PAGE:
After 10 hours of racing the finals were now coming thick and fast. Our Year 9 Girls’ Quad faced another Bedford Modern crew in their final. Starting a length down on the inside was an unusual experience for them but this powerful crew soon drew level and as they did their confidence grew. A strong settled rhythm saw them move through and away from their opposition, cruising over the line some 5 lengths ahead. A well-deserved outright win for this talented crew.

Straight after them came our Year 9 Boys’, who having beaten Windsor Boys in the semi-finals, felt confident despite having to take the inside station and starting down. Obviously, the stagger evens out over the course: many athletics meetings have staggers. The difference in rowing is that far from seeing the runners ahead of you, as you are going backwards, the crew ahead can see the others and pace themselves accordingly while for an inexperienced crew, never seeing your opposition is disconcerting.

The boys did not cope as well as the girls, and in a far tighter match of speeds they let the lack of contact fluster them. By halfway they had closed the lead to ½ length but Mossbourne Rowing Academy opened up to win by 1 ½ lengths. It was a good race and a positive learning experience.

Last, but not least, came our two Year 11 Boys’ crews (J16 4x and 4+). The Quad was stroked by Alexander Eldridge ( Year 10) and had Conor Quaan (Year 10) at 3. They had a comfortable race in the semis against Star Club, which provided them with much needed river experience. When they lined up for their second final against Windsor Boys, GMS were on the inside, with a length to catch up. Sam Terret as steersman did an excellent job: rowed well and steered impeccably. The crew kept up a lively pace but at the halfway point Windsor still held a length lead. At the corner of the course GMS were only down ½ length. However, despite working hard, this contest went to Windsor by 1 length.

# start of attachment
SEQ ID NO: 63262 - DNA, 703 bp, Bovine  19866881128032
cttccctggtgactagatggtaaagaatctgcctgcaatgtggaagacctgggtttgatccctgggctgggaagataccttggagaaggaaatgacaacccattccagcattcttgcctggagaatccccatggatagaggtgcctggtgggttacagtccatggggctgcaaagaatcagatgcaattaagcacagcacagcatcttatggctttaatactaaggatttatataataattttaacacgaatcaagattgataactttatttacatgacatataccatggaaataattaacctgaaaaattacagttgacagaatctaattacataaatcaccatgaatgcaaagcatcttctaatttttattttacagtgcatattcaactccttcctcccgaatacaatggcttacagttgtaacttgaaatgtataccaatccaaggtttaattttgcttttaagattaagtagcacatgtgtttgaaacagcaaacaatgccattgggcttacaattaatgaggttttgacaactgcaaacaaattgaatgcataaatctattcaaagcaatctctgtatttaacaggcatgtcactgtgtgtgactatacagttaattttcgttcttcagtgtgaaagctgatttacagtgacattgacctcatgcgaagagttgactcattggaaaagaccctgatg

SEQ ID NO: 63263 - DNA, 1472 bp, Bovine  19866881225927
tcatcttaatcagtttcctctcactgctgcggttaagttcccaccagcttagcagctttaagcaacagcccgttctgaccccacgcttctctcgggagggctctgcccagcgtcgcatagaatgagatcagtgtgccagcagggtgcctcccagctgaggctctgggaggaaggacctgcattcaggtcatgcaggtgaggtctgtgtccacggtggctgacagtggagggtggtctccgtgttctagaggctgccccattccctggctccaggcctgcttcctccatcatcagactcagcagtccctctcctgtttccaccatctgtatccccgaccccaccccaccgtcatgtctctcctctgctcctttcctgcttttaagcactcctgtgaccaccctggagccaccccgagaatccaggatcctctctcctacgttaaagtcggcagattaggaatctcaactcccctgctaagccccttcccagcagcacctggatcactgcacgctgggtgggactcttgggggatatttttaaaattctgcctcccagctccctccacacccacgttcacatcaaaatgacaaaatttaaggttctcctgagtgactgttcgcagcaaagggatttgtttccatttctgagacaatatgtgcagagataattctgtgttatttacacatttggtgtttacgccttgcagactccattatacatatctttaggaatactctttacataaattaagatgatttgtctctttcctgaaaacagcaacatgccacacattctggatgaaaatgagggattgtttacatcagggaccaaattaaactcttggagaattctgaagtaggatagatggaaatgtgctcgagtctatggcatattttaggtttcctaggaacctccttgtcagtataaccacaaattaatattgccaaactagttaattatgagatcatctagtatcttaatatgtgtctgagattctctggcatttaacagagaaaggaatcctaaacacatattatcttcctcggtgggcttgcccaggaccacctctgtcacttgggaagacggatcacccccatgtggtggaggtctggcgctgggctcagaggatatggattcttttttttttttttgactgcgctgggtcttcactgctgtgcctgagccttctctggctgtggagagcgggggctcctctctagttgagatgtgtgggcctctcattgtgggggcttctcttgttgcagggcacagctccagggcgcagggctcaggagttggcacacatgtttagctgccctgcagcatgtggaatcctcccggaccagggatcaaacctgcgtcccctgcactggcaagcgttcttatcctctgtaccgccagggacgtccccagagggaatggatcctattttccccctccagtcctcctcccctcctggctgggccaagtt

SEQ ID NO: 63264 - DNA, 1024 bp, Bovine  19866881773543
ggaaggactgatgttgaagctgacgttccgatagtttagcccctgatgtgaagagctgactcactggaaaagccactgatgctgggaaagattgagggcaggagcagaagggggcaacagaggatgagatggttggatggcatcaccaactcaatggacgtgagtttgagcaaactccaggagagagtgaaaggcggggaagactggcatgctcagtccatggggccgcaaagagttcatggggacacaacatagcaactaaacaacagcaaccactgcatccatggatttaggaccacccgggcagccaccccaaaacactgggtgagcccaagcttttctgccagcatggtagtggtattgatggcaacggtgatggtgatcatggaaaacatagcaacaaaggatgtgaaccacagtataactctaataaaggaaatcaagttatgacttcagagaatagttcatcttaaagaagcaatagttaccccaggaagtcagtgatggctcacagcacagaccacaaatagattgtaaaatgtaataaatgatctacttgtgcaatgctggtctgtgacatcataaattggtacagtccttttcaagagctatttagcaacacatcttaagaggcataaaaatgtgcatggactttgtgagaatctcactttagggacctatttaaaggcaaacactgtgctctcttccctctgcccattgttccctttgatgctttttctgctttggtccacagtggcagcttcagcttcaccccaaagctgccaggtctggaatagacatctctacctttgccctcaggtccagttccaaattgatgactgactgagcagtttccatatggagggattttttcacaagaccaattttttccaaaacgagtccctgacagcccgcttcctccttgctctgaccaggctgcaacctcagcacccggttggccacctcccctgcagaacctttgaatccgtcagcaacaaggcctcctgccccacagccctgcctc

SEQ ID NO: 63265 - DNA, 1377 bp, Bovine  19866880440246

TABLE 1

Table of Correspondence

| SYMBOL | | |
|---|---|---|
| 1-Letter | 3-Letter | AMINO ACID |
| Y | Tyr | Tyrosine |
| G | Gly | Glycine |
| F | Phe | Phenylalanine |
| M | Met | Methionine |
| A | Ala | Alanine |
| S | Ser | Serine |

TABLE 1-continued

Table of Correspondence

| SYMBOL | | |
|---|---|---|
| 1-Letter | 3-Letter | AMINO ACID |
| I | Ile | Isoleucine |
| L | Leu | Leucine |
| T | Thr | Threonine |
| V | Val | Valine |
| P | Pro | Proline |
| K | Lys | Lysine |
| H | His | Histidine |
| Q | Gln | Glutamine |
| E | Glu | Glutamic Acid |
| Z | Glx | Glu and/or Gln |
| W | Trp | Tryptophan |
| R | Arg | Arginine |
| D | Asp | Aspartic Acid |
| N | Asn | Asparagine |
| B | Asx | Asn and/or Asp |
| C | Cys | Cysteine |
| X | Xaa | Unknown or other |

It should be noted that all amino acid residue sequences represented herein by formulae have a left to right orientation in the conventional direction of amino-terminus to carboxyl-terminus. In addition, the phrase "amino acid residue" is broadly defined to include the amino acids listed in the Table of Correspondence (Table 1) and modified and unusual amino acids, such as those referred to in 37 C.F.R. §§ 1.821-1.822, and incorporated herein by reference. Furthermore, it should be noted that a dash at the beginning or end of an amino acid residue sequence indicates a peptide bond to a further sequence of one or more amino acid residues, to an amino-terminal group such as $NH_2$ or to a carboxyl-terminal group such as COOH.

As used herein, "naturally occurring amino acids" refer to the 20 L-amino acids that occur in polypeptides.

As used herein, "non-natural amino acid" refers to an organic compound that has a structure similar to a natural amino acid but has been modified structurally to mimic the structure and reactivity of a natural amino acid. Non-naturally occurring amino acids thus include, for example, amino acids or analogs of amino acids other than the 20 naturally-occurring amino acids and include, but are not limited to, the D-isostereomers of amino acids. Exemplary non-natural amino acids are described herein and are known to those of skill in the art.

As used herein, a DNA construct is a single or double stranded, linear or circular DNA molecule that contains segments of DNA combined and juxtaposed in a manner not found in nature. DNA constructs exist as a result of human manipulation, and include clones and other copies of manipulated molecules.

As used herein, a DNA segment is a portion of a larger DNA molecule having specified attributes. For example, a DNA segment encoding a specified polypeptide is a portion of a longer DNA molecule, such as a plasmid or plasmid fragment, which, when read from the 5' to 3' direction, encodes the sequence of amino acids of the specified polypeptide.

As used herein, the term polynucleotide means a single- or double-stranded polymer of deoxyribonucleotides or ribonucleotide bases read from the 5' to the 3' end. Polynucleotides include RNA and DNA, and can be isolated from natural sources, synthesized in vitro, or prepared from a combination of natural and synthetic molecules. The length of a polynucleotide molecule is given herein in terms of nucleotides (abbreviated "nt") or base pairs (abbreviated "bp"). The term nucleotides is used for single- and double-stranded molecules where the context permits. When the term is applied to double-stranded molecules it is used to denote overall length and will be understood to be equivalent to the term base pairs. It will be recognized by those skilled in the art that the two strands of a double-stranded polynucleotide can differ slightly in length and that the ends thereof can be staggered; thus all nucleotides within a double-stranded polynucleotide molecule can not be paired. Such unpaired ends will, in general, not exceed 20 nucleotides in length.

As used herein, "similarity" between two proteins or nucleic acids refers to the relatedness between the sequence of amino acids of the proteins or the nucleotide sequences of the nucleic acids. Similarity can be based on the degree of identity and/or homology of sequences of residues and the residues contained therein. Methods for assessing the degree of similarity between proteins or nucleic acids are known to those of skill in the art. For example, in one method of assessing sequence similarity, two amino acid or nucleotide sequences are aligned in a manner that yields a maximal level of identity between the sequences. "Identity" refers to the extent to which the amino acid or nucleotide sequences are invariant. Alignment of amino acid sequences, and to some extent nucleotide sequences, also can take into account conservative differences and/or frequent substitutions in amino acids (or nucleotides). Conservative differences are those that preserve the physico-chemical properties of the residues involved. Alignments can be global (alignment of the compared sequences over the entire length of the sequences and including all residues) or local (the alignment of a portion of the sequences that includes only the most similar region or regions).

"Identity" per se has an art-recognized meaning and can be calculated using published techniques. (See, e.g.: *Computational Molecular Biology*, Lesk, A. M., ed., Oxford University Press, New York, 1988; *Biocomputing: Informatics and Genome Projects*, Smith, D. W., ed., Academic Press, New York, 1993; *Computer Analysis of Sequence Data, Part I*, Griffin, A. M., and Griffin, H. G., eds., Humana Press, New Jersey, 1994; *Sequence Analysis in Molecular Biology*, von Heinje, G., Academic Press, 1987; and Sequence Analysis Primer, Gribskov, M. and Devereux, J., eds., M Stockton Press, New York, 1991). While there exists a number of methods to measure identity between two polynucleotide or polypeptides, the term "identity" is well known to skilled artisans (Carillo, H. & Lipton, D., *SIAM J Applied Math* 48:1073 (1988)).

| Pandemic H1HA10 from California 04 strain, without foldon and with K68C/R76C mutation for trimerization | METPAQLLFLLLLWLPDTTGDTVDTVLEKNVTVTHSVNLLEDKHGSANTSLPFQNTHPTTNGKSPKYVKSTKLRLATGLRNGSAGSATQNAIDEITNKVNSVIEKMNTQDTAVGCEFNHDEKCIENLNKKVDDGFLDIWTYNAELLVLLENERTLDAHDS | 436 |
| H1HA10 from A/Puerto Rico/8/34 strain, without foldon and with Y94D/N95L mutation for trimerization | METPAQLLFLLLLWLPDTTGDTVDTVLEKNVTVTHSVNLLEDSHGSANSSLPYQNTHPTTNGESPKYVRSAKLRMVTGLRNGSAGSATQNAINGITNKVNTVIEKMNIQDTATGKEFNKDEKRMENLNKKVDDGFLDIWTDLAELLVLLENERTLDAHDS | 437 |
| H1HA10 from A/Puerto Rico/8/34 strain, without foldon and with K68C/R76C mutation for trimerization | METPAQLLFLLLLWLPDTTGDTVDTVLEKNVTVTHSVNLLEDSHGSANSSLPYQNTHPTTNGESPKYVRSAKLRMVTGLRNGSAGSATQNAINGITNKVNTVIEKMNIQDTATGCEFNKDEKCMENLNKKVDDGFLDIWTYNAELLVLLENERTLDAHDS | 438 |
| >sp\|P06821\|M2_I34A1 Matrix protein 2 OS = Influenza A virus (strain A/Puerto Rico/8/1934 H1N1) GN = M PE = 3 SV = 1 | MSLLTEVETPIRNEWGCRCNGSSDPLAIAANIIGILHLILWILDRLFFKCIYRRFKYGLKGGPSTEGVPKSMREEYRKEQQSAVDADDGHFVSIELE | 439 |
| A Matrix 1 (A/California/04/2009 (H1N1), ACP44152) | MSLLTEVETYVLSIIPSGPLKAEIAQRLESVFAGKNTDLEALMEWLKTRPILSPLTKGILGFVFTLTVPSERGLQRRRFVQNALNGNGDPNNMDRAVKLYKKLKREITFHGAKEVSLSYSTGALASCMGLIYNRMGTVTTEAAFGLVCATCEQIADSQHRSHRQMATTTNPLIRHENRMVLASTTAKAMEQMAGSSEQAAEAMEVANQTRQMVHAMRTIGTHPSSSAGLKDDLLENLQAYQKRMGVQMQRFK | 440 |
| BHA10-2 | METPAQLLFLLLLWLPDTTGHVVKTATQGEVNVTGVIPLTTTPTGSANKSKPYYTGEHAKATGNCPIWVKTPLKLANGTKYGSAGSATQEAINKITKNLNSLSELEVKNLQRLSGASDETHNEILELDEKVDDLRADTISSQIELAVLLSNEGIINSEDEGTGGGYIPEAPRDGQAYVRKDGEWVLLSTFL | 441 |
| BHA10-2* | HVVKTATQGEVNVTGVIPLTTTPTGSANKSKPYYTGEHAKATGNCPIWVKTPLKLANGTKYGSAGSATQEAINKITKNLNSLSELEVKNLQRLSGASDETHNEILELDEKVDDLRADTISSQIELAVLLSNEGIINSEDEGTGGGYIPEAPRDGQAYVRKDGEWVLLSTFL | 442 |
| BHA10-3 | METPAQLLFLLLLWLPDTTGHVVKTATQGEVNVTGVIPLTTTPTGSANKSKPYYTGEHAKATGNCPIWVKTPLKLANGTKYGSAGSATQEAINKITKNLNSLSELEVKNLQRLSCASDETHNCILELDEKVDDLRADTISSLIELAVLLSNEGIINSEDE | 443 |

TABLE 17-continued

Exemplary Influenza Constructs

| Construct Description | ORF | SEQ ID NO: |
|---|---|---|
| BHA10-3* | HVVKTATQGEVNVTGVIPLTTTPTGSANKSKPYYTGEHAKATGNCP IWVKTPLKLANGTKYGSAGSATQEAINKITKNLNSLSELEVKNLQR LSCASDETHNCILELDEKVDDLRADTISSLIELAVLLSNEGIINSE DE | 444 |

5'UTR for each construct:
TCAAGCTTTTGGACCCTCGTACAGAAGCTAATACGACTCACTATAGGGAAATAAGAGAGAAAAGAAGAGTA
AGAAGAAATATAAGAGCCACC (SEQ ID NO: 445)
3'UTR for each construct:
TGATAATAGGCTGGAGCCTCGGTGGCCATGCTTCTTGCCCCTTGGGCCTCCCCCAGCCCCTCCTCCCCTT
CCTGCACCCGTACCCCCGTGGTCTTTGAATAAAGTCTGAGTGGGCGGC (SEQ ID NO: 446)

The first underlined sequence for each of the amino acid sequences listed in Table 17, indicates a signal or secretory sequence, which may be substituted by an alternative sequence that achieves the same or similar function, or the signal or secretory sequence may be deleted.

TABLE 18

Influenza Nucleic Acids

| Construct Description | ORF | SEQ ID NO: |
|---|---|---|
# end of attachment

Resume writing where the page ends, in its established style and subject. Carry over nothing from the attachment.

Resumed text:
Our last race and the final one of the day was the Year 11 Four against Hampton School. The crew had raced their B-crew in the semis; plus, they had beaten the South Africans. Hampton had posted a time 3 seconds faster than GMS in the semis. However, they had been beaten by a couple of lengths the weekend before by our team. The difference was that race had been over 2 km and at the 1 km mark the crews were neck and neck. All was to play for: a close race as expected. The Year 11s started a length down; the race progressed pretty much as one would expect from two equal crews. Just after the bridge, the halfway mark, GMS started to pull away and desperate cries from the Hampton cox could be heard, “They’re moving, they’re moving, stay with them.” This galvanized his crew to go again. The closest race of the day was captured on video; it shows both crews at full tilt down in the closing straight, matching stroke for stroke. Neither crew knew who won and unless you had great hearing or happened to be close to the public address system neither did the crowd. The verdict was 1 foot (the minimum before it is a dead heat) to … Hampton in the fastest time for a Coxed four for the day. Ahead of any J18 or Open Men’s Four by at least 3 seconds. A loss but a superb race none of them, or those watching, will ever forget.



J18 4x Sal Dunn, Tom Wiles, Owain Meredith, Noah Grottrup

WJ16 4x Elise Whyte, Abi Forgenie, Poppy Spence, Charlotte Greening

WJ14 4x+ Lucy Platt, Bea Spence , Natasha Pendlebury, Kayla Shillito, Bea Radnage